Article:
Death trap highwayWhen the lives of the people are at stake, no one should escape by shifting the blame onto others.
Recently, newly appointed Urban Development Minister Ram Kumari Jhakri brewed a storm in a teacup by taunting engineers for failing to place sewer lids properly. How is it, she pontificated, that the engineers have failed to recognise the need to cover manholes in a way that does not cause discomfort to pedestrians and motorcyclists? Like every other public official in the country, engineers would find one excuse or the other to shift the blame to others—careless officials from the Department of Water Supply and Sewerage Management or the callous contractor, among others—for the inexplicable negligence and the resultant accidents. The blame game, after all, is the best sport that Nepali public officials are fond of. But Jhakri spoke for a vast majority of the country's population when she asked why the individuals and institutions tasked with public infrastructure projects that are aimed at making people's lives comfortable care so less about the public.
There can be no poignant example than the Kalanki-Koteshwor section of the Ring Road. The 10.5 km stretch has witnessed several accidents after it came into operation, as it was built without following minimum safety and user interface guidelines. That the road section in the middle of a densely populated valley lacks sufficient zebra crossings, traffic lights, overhead foot bridges, bicycle lanes and road medians is unfathomable. When the public and the media raised concerns about the flouting of safety guidelines during the construction of the road section, all that the officials said was that the design had already been finalised, and that it was uncorrectable until the project was completed and handed over by the contractor. More than two years after the road section came into operation, little attempt has been made to rectify the safety hazards.
There is something sinister about public officials failing to care about the people who need to use those infrastructures. It is as if those infrastructures are traps to wound and kill those who use them. When the lives and limbs of the people are at stake, no one should escape by shifting the blame onto others or claiming that that is how things are in Nepal. That has to change, and what better way than starting the change from the Kalanki-Maharajgunj section that is under construction at the moment? It is with keeping this concern in mind that people with disabilities, cyclists and environmentalists have joined hands to request the government and stakeholders to ensure that the road section that is slated to begin is friendly for disabled persons, cyclists and pedestrians.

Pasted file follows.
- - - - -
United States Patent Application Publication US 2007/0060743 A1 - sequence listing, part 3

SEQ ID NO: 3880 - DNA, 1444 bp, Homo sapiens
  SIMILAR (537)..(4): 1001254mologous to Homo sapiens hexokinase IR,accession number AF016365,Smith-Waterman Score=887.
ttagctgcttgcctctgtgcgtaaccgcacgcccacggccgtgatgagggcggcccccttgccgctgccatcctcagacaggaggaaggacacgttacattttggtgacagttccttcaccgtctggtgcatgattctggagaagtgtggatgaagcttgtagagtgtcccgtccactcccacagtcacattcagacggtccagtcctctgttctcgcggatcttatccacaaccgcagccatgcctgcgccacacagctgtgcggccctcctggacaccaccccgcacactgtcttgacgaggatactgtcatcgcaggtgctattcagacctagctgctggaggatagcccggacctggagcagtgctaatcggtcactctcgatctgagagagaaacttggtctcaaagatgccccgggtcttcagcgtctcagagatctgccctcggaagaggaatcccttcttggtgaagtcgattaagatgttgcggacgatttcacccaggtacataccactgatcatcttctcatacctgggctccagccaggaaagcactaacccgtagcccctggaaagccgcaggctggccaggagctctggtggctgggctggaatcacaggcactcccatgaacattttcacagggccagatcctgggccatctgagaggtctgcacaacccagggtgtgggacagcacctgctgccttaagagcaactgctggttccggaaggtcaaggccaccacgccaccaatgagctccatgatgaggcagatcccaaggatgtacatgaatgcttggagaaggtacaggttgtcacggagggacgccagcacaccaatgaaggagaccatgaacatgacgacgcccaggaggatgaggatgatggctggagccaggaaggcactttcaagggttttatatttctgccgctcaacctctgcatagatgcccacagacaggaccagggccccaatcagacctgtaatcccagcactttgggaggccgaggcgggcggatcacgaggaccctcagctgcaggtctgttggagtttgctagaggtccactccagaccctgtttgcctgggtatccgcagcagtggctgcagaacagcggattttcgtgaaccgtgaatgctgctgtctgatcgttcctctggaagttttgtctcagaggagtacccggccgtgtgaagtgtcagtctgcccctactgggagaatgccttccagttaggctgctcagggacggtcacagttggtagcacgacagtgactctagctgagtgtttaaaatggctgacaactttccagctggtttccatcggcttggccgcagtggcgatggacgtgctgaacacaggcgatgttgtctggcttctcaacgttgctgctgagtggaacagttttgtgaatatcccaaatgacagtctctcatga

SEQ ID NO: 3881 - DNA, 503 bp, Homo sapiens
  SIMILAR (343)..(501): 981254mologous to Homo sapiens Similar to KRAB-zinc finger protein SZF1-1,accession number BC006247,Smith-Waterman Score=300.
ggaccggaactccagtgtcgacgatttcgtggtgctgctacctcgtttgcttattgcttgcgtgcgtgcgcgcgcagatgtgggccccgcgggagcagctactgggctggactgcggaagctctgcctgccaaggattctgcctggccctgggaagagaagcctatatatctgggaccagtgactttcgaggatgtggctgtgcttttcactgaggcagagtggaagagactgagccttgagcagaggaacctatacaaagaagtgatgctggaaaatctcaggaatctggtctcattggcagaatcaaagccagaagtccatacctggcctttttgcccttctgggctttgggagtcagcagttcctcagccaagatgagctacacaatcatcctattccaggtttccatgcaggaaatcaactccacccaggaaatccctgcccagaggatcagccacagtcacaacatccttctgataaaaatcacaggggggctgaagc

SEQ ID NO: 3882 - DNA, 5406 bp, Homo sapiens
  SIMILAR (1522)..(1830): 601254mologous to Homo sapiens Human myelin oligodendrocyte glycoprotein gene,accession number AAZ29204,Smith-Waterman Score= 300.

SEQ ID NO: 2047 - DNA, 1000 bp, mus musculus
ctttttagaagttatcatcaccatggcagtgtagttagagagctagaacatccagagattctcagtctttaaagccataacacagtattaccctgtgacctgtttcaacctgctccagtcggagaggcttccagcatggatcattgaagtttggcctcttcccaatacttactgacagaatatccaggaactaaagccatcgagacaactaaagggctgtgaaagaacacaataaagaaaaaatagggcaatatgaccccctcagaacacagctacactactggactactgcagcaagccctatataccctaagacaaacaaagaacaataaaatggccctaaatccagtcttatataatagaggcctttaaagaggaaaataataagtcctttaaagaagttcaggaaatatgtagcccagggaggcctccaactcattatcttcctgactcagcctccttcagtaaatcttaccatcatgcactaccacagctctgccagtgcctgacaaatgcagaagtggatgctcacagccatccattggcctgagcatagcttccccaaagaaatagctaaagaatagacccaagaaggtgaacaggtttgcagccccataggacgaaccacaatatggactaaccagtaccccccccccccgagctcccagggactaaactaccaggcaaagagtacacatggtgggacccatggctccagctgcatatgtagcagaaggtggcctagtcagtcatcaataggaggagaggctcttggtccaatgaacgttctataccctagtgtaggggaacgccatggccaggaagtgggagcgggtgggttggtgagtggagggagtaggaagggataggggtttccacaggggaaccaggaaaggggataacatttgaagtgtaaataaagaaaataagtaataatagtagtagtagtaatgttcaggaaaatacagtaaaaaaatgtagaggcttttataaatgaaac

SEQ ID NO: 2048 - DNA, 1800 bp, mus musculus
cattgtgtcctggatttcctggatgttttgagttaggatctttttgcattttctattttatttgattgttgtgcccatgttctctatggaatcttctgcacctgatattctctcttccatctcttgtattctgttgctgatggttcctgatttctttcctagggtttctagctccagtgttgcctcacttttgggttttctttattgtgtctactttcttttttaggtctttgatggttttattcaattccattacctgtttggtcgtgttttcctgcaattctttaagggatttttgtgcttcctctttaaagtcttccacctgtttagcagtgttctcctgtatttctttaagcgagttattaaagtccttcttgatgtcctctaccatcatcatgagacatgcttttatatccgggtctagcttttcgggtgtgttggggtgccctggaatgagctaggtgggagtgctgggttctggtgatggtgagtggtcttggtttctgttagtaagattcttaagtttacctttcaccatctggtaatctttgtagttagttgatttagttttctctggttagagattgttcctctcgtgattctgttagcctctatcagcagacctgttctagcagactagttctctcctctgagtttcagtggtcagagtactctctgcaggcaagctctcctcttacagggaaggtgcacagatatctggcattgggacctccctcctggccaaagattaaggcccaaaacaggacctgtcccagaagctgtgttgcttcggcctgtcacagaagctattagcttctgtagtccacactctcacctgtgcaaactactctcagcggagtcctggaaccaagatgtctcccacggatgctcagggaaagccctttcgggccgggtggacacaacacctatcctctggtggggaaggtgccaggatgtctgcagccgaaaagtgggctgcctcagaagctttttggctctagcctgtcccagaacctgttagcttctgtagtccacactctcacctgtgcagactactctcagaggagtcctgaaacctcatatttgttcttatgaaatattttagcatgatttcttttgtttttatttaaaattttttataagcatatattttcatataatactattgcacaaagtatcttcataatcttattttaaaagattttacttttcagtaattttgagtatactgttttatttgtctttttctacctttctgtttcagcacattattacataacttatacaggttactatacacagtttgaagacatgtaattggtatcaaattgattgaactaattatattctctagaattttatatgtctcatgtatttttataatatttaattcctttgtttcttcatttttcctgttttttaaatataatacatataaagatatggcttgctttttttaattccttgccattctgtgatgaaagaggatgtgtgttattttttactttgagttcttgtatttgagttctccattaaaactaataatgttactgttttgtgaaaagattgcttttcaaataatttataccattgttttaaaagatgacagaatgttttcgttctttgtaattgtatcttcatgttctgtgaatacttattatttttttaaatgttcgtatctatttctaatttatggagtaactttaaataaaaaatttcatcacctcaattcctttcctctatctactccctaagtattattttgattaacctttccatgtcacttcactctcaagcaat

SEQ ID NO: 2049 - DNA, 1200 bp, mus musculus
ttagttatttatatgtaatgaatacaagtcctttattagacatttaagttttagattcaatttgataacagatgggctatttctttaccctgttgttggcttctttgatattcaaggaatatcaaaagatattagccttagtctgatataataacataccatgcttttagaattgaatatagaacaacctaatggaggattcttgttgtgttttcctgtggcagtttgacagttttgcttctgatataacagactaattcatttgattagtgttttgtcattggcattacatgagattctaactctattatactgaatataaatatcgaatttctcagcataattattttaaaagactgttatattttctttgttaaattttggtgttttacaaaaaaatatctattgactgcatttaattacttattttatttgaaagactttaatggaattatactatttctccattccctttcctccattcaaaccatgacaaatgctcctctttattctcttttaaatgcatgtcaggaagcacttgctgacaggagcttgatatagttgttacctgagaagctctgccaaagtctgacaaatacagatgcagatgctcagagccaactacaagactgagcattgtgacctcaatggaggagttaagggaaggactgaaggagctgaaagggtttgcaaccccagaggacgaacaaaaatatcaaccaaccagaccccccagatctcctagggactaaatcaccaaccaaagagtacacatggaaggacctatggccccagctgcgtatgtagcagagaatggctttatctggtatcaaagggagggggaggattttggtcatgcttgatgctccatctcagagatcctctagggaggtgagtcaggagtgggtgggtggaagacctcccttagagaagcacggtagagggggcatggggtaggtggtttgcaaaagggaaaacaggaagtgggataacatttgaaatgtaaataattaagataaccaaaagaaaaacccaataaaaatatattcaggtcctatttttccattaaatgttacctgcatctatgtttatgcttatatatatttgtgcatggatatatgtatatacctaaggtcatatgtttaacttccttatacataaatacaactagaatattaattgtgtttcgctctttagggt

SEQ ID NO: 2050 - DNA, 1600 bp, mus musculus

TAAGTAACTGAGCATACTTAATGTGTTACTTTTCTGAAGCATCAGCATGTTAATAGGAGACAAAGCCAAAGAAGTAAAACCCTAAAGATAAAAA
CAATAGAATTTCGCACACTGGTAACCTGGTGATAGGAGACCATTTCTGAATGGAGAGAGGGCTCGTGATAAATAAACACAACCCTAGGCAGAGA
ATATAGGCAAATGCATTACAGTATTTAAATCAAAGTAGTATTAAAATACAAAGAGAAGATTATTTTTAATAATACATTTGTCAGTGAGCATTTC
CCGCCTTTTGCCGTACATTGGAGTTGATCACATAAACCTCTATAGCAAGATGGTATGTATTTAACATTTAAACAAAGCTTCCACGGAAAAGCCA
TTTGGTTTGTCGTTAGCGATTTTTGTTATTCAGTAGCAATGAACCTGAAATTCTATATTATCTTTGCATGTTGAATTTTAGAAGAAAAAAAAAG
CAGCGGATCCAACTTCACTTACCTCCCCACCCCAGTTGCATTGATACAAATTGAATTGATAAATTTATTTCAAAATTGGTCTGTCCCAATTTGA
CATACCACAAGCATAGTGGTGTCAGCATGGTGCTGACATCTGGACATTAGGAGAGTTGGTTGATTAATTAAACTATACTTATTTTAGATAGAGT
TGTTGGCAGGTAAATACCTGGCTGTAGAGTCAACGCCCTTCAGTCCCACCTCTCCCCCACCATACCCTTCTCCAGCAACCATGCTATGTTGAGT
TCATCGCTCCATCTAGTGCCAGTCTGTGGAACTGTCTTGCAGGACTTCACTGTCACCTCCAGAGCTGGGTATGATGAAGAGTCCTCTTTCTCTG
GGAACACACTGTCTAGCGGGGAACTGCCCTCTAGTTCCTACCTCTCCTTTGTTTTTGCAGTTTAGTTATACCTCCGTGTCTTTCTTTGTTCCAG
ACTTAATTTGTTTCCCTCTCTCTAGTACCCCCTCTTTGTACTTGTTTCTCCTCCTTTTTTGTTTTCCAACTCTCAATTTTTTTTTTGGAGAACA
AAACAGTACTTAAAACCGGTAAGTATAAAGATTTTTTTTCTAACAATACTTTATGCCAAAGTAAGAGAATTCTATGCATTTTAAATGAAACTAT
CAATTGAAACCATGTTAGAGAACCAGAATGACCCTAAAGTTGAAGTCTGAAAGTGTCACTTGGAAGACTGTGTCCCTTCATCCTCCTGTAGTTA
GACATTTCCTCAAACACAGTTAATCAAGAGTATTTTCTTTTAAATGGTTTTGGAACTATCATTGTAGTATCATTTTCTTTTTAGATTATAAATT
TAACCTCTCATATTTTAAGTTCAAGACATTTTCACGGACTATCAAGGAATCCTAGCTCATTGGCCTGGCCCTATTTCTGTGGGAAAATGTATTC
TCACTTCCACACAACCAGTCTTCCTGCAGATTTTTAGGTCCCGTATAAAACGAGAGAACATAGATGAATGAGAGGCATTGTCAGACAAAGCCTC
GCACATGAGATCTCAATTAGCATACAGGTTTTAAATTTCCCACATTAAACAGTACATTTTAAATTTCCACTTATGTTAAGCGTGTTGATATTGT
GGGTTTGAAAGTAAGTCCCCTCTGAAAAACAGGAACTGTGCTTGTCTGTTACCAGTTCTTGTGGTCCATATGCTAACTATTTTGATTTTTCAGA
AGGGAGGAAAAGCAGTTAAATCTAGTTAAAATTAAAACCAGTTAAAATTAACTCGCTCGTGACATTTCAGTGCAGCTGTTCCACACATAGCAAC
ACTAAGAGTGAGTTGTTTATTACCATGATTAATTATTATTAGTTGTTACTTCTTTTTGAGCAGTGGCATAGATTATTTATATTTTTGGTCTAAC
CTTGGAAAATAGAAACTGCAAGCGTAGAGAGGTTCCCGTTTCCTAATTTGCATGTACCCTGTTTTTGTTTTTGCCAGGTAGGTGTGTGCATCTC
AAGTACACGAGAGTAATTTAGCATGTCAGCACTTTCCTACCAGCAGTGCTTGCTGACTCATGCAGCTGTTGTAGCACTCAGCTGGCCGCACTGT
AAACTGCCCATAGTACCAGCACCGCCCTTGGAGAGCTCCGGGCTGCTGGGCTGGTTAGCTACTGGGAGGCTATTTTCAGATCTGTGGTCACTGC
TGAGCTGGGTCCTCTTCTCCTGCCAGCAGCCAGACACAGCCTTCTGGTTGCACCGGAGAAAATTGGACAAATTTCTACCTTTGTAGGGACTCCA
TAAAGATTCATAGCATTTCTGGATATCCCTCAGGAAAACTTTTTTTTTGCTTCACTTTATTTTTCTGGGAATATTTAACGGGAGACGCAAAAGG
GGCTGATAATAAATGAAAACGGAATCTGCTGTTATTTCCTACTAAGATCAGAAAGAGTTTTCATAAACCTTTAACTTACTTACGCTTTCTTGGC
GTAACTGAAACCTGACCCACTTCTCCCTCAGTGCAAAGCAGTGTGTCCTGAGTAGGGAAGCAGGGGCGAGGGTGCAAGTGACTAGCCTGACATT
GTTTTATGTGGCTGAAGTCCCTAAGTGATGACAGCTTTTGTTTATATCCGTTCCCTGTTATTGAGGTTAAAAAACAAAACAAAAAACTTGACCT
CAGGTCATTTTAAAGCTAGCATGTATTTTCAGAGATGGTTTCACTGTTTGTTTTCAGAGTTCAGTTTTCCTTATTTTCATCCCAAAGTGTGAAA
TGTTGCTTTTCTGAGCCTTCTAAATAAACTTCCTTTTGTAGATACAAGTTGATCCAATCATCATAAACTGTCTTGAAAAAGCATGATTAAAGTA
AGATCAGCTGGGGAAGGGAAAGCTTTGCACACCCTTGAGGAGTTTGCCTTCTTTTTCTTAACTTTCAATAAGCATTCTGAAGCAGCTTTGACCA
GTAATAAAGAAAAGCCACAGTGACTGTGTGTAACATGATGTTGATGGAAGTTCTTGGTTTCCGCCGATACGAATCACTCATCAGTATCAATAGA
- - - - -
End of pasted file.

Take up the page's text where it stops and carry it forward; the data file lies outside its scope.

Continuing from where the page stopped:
The section has already begun on a rough note by dampening the expectations of environmentalists, as it involved the felling of over 2,000 trees along the road. Planners could not think of a way to save the trees even while moving ahead with the infrastructure development project. But they cannot continue to disregard the concerns of the public that needs to use the road on a daily basis, and turn the road into yet another instance of ill-planned infrastructure and, worse, a death trap. The audit team formed to examine the Kalanki-Koteshwor section of the Ring Road has clearly pointed out faults in that particular section and has advised adding cycle lanes, footpaths, traffic lights, overhead bridges, street lamps and median strips. Those involved in the planning and implementation of the road section should heed the mistakes committed in the past so that the new road section to be built is accessible to all.